Cash drawers allow nearly anyone to operate a small store or business from almost anywhere in the world. All you need is money and a place to put it. These repositories are not regulated by any laws and do not need to be registered in any way. Because of this, they are the go-to for everyone from children selling lemonade to a small business’s booth at a trade show.
Uses for Cash Drawers
Bright and cheery, a farmer's market is a staple of American spring and summer, where you can buy locally made honey, soaps, home-grown vegetables and, depending on your area, fair-trade coffees and teas. Some of these markets operate by purchasing tokens, some leave the taking of payments to the sellers and others require that cash be used. As you wander the market and make your purchases, your change will all be made from money sitting in a box or small drawer in front of your seller.
Whenever you happen to go shopping at a local market, craft show or art walk, you have probably seen a cash drawer. Odds are you’ve operated one either through school clubs, sports-team fundraising or raffles. Even though many small-scale sellers use card readers, the cash drawer is still widely in use and does not show signs of going away anytime soon.
Maybe you’re starting your own business and are going to get your start with small-scale selling at places like craft fairs. If that’s the case, it may have been quite some time since you operated a cash drawer. Because of the analog nature of a cash drawer, they haven’t changed much at all since their inception, so with a basic understanding of stocking a cash drawer and chain-of-custody procedures, you can easily get your small-scale operation off the ground.
When to Use a Cash Drawer
If you intend to sell in any open-market environment, you’re going to need a cash drawer. Even if you don’t anticipate using much cash, you would be surprised how many people choose to use cash only at events like this. Using cash alone is an excellent way to monitor your spending (once the money is gone, it’s gone). Many people also enjoy the tactile nature of cash.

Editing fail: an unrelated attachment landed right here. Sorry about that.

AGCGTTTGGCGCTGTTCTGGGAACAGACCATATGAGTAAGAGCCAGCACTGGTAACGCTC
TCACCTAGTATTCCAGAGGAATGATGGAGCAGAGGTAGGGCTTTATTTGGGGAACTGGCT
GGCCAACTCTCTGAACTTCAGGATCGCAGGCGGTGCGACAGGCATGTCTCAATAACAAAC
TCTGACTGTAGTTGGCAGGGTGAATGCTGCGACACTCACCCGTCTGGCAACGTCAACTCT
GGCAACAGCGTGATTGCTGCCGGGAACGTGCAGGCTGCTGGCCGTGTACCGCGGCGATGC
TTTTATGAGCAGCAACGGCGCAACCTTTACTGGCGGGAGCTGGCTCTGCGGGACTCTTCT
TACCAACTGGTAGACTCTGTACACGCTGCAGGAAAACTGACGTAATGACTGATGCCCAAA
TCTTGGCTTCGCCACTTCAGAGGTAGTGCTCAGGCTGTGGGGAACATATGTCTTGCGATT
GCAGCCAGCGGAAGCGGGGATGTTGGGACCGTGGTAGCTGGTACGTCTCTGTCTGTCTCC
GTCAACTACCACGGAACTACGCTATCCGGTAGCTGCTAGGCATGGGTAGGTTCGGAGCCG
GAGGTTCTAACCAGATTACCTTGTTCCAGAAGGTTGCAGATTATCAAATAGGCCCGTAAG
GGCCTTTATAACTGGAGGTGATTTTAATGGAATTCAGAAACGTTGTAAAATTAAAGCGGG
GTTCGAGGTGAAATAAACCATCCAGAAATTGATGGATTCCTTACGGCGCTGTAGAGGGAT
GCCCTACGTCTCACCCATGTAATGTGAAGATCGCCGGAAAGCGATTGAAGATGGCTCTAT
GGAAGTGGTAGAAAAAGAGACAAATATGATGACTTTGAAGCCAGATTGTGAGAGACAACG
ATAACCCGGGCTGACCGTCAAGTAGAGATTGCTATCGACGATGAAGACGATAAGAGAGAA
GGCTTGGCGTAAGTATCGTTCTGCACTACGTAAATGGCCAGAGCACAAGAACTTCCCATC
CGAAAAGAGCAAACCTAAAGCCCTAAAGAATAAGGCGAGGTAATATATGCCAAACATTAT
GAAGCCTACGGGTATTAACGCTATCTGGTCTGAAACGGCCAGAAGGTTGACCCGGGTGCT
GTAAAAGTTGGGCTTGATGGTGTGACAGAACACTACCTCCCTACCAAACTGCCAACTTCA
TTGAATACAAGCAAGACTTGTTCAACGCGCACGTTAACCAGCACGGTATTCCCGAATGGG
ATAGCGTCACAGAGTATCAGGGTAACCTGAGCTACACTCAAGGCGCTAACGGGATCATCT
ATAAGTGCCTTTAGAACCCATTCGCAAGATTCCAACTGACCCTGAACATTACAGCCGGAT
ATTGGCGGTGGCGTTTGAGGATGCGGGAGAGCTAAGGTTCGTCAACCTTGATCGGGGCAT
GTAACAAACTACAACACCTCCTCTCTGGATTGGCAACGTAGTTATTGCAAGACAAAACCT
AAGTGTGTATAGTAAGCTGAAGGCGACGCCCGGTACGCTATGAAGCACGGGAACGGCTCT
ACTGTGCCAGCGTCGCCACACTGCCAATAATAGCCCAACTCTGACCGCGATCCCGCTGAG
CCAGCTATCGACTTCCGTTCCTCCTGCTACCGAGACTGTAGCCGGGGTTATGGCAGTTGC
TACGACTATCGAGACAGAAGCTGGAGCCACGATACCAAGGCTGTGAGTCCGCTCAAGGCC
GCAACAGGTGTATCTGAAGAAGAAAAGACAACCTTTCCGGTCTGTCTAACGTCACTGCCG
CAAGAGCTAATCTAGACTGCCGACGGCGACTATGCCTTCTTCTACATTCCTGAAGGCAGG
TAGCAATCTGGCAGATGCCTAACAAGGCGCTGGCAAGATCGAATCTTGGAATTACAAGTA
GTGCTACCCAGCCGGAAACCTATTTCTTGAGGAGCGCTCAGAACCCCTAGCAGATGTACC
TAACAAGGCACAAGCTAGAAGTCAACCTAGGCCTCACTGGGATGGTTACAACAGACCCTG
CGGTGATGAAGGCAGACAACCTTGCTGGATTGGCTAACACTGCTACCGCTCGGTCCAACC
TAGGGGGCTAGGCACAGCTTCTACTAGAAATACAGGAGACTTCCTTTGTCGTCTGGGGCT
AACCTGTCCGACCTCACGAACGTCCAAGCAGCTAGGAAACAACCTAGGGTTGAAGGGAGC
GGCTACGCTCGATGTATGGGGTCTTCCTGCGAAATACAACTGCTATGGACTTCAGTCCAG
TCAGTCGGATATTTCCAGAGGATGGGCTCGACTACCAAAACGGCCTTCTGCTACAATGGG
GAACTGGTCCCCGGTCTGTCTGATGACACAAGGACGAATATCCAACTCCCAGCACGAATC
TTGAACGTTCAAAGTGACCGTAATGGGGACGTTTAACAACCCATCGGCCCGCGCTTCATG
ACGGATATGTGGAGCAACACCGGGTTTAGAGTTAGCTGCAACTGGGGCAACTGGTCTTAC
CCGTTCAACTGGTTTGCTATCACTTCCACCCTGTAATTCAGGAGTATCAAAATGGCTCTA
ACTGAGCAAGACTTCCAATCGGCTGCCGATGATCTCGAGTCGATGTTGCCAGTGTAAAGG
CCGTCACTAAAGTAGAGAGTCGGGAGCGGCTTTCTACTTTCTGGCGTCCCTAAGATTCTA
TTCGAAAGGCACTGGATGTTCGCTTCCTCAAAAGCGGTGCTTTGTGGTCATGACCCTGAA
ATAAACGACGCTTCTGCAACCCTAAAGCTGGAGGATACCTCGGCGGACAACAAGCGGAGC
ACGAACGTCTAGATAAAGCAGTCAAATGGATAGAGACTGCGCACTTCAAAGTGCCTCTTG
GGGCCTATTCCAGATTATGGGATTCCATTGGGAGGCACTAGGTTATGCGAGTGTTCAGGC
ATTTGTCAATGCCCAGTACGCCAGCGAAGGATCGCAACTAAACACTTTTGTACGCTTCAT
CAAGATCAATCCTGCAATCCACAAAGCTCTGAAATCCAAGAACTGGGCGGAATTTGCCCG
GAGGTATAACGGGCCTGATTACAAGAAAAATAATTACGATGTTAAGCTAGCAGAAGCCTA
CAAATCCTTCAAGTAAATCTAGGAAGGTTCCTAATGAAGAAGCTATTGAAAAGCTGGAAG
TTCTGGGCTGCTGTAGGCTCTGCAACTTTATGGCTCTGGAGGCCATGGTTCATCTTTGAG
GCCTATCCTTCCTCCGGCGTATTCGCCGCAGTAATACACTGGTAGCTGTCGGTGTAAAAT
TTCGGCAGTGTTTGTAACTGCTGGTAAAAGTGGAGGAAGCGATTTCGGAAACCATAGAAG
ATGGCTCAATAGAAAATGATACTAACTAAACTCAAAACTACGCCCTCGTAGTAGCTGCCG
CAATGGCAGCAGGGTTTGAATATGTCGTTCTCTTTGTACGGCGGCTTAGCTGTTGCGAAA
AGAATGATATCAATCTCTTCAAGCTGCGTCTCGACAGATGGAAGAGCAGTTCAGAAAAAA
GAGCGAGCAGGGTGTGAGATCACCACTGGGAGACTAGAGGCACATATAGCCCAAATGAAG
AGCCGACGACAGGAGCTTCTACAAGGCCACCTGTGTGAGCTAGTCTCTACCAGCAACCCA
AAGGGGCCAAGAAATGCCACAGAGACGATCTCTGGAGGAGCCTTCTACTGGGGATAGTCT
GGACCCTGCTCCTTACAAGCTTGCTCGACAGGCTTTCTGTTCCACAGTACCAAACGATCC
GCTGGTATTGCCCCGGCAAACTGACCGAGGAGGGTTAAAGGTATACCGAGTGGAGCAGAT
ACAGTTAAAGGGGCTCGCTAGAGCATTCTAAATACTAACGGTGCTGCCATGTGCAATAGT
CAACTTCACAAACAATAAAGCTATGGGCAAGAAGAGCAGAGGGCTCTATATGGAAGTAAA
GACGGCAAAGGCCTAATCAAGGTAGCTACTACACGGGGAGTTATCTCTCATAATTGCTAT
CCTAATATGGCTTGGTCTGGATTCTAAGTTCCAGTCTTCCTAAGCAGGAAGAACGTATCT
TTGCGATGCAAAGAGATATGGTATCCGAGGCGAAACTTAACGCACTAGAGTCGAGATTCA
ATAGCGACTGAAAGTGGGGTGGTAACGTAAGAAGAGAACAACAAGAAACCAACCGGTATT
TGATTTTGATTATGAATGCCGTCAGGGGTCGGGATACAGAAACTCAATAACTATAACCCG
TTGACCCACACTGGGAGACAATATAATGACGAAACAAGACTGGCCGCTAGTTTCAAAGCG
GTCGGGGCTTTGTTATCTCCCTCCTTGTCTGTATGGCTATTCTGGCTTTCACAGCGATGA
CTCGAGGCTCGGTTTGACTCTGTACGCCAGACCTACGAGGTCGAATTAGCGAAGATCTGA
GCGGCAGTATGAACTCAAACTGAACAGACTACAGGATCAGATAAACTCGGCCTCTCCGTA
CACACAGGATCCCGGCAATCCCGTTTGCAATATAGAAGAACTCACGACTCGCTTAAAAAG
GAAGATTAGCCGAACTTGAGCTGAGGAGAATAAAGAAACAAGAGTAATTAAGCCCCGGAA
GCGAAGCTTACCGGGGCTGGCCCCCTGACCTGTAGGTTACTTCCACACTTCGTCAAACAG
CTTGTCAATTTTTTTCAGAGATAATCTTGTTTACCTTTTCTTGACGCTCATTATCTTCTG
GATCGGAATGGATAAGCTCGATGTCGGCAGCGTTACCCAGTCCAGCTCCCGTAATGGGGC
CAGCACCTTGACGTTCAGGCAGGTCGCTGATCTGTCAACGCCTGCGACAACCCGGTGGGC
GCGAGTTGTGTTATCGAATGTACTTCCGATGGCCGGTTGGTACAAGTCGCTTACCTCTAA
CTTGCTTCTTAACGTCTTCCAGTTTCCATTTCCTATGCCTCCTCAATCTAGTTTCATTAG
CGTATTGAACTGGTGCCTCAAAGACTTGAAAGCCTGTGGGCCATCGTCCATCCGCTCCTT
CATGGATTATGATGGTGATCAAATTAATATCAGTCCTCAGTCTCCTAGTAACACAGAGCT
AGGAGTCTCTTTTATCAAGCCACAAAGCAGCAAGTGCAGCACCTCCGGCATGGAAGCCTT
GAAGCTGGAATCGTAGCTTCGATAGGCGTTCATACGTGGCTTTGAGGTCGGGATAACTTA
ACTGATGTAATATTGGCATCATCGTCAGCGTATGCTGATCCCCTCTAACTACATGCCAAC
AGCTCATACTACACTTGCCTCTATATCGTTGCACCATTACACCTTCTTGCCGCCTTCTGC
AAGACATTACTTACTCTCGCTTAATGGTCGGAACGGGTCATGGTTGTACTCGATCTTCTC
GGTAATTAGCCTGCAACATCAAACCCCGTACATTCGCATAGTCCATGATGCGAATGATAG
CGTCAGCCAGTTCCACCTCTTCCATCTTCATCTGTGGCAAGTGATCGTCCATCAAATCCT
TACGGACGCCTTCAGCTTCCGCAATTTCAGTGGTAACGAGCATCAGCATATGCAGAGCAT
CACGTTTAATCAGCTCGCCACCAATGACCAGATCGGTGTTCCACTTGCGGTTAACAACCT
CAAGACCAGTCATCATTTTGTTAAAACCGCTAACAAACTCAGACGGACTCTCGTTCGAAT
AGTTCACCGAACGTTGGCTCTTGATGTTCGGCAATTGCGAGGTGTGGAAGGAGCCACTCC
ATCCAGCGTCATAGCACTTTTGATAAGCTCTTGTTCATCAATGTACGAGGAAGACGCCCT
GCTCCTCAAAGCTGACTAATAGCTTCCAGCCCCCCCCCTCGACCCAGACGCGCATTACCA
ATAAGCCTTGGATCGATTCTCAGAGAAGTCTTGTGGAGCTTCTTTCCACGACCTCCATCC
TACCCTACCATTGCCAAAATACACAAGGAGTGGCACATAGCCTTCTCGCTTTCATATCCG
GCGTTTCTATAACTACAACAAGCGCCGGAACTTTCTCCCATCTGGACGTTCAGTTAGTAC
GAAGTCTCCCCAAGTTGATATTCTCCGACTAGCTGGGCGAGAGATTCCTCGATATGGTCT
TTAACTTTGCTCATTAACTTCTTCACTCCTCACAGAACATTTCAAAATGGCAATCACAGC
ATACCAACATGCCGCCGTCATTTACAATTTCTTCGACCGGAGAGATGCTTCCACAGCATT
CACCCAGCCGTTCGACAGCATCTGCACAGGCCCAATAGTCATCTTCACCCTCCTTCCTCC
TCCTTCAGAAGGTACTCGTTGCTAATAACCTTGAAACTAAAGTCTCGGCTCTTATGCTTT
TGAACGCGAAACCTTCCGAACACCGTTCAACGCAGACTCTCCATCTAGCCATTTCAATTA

The best rule-of-thumb for when a cash drawer is needed is “better safe than sorry”. If you don’t own a cash drawer, there are countless models that you can purchase. You can find a variety of models for sale online that can vary in cost from around $20 to over $200. Which drawer will work best for you is dependent on what sort of security you want to have for your cash.
Choosing a Cash Drawer
In most cases, sellers do not need to have an expensive cash drawer. While expensive models might look the most impressive, unless you are handling large quantities of cash (like at an auto or storage unit auction), a simpler model will do. If you are working for yourself and do not have people working under you, your personal preferences are the only consideration when choosing your cash drawer.
If you are working a multi-day event and have volunteers or employees helping you, you should look into a cash drawer that locks securely with a key. This extra level of protection is not because you should not trust your employees or the staff at events you attend. Instead, this protects them in case anything is miscounted or if they have to leave your booth to handle an emergency elsewhere. In short, if you aren’t going to be directly with your cash box the entire time that you are working, you should be able to lock it.
Cash Drawer Setup